Indian Country has experienced this difference first hand. It was the House that enacted House Concurrent Resolution 108. The Senate followed suite. Several years later the Senate, led by Sen. Henry Jackson, D-Washington, wanted to undo the damage and reverse course. The Senate passed a resolution to make it so. But the House would not act. As Franklin Ducheneaux, who was then staff counsel on Indian affairs, told me, in the House's view of the world there was no need to act. The resolution ended when a new Congress began. (The resolution only expressed a policy, not a law.) -- Mark Trahant
Happy Day hugs
On the floor of the House, Representatives Deb Haaland and Sharice Davids share a quick hug. The next item on the agenda is to gather the members and then elect the next speaker of the House. -- Mark Trahant
Regalia and Moms
Haaland publicized an open house this morning for constituents, supporters and more all while wearing her Laguna Pueblo regalia, or traditional outfit.
Both Representatives had their family by their side today. -- Jourdan Bennett-Begaye
More Native people
"We need more Native people." It has been a very common statement since Davids and Haaland ran for Congress. It's also been a statement repeated since they've been elected. Today during open house, I saw more and more Native people present. (More than the familiar faces who already live and work in Washington, D.C.)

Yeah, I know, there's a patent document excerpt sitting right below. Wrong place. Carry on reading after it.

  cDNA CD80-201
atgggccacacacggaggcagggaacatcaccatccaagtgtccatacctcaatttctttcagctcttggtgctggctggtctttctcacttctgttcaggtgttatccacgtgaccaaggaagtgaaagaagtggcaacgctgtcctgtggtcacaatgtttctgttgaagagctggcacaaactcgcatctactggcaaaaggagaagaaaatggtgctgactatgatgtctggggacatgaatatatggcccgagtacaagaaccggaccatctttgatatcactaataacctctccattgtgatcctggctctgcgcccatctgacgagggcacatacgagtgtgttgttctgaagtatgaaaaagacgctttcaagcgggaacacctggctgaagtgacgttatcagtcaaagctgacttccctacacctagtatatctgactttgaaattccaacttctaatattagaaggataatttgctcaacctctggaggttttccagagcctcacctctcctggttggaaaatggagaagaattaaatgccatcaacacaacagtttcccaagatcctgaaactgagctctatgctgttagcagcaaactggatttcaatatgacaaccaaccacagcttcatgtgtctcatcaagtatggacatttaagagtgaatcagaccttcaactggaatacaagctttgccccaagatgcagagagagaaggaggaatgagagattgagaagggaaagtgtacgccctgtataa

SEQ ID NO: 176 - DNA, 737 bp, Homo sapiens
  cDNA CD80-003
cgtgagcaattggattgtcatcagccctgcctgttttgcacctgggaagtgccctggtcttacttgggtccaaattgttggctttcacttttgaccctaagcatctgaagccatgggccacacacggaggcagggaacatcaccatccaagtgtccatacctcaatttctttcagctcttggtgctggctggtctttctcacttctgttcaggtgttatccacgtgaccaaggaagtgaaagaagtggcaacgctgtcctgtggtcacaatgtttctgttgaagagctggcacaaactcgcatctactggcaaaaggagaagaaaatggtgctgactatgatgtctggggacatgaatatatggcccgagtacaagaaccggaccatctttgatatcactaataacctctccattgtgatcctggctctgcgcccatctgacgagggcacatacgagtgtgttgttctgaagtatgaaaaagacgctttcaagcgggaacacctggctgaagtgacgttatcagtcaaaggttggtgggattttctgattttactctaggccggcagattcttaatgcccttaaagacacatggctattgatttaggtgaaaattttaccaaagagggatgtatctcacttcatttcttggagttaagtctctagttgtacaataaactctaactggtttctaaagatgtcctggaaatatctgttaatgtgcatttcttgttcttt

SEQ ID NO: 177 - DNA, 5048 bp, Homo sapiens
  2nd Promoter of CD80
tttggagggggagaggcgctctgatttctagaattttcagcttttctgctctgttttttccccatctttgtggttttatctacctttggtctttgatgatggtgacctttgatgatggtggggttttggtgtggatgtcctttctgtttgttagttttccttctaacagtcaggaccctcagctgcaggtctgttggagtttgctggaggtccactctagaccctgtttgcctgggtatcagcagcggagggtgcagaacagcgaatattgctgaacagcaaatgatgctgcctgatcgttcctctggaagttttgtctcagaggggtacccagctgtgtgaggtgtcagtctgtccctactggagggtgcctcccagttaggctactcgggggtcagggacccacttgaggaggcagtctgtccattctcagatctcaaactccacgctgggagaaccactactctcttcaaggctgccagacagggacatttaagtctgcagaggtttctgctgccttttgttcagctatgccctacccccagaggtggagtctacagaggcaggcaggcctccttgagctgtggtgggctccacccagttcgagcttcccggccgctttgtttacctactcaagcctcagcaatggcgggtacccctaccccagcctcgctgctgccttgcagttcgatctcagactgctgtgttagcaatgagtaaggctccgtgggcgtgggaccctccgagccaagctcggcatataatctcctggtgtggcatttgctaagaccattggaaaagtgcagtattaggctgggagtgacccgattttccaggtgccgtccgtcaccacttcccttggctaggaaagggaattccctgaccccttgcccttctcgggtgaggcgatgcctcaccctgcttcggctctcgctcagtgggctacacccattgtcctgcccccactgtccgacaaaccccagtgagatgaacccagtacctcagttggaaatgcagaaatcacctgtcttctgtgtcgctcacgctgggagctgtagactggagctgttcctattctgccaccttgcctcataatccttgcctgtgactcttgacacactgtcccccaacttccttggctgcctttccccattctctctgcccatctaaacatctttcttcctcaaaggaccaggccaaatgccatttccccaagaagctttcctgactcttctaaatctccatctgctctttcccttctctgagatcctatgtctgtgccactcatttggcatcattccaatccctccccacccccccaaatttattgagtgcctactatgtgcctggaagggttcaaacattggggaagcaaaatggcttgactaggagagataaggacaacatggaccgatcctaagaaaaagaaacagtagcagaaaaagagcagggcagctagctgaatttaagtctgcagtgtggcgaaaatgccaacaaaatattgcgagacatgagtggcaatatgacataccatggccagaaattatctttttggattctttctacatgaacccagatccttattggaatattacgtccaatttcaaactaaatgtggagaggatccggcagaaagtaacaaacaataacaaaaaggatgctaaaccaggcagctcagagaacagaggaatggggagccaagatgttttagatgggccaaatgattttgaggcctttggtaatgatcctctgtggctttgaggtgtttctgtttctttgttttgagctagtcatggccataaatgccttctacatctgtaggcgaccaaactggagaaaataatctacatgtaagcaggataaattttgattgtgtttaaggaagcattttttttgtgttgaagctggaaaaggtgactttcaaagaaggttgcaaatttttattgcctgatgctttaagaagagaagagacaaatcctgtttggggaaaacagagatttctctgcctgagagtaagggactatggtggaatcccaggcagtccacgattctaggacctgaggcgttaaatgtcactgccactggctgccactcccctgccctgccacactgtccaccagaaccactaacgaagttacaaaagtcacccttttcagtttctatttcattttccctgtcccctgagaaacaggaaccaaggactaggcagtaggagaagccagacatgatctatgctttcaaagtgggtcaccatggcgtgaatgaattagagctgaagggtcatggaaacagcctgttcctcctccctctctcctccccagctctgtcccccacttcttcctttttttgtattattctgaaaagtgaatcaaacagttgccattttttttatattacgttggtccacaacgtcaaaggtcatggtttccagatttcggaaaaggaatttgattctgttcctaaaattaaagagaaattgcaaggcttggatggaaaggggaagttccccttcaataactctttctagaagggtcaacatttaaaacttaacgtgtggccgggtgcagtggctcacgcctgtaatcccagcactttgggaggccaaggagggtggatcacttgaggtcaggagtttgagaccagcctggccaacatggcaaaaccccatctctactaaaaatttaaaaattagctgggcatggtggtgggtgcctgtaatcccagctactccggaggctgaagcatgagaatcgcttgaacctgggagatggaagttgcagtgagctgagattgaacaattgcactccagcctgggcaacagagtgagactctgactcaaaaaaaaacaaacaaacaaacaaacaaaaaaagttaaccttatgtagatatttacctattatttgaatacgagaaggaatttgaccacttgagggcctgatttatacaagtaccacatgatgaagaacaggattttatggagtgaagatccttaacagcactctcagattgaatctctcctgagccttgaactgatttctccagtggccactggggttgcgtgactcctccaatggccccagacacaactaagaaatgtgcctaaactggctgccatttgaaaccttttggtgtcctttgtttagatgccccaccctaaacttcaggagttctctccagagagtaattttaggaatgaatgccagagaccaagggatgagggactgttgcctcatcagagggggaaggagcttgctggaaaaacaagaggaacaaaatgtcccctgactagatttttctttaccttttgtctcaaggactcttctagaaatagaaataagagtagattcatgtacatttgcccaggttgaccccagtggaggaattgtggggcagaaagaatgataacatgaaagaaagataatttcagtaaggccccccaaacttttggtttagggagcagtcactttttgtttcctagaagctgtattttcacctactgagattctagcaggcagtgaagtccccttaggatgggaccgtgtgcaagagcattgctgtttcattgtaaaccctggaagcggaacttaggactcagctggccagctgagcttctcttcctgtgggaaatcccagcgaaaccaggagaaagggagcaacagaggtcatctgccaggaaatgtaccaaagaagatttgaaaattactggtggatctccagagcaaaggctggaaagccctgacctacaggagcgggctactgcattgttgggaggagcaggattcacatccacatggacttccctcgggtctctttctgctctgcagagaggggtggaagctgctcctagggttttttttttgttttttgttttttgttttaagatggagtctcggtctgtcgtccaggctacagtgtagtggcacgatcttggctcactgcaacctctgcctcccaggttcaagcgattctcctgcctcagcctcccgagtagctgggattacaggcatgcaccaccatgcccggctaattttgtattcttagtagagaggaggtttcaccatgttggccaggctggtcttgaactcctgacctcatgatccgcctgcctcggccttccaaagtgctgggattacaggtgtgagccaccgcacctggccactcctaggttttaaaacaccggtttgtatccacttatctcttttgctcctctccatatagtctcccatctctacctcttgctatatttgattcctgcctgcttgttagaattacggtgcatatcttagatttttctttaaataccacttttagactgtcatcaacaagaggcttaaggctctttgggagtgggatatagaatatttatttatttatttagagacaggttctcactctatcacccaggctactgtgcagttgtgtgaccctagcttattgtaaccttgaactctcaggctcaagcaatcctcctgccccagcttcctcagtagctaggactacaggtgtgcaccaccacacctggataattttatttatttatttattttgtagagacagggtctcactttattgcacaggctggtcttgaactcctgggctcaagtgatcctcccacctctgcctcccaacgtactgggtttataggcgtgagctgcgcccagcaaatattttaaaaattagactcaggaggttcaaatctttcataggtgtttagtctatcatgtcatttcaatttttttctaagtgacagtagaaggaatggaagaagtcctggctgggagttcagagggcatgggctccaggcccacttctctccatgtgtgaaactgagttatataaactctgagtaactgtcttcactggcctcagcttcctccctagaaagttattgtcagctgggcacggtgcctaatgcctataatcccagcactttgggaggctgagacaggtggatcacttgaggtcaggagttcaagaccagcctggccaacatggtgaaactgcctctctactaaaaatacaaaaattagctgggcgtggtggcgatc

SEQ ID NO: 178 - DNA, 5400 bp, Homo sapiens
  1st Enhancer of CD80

I also spotted a Navajo couple wearing their regalia proudly while walking into Davids' office. It was a sight to see. And there may be a day when this regalia becomes the norm on Capital Hill. -- Jourdan Bennett-Begaye
Nancy Pelosi has been elected Speaker of the House of Representatives. She is now the third highest ranking member of government and next in line for the White House after the president and vice president.
The vote was not dramatic, she reached 219 votes, a majority, at 1:47 pm. Both Representatives. Sharice Davids and Deb Haaland voted for Pelosi.
One of the first votes (after the election of Nancy Pelosi as House Speaker) will be the Democrats plan to reopen government.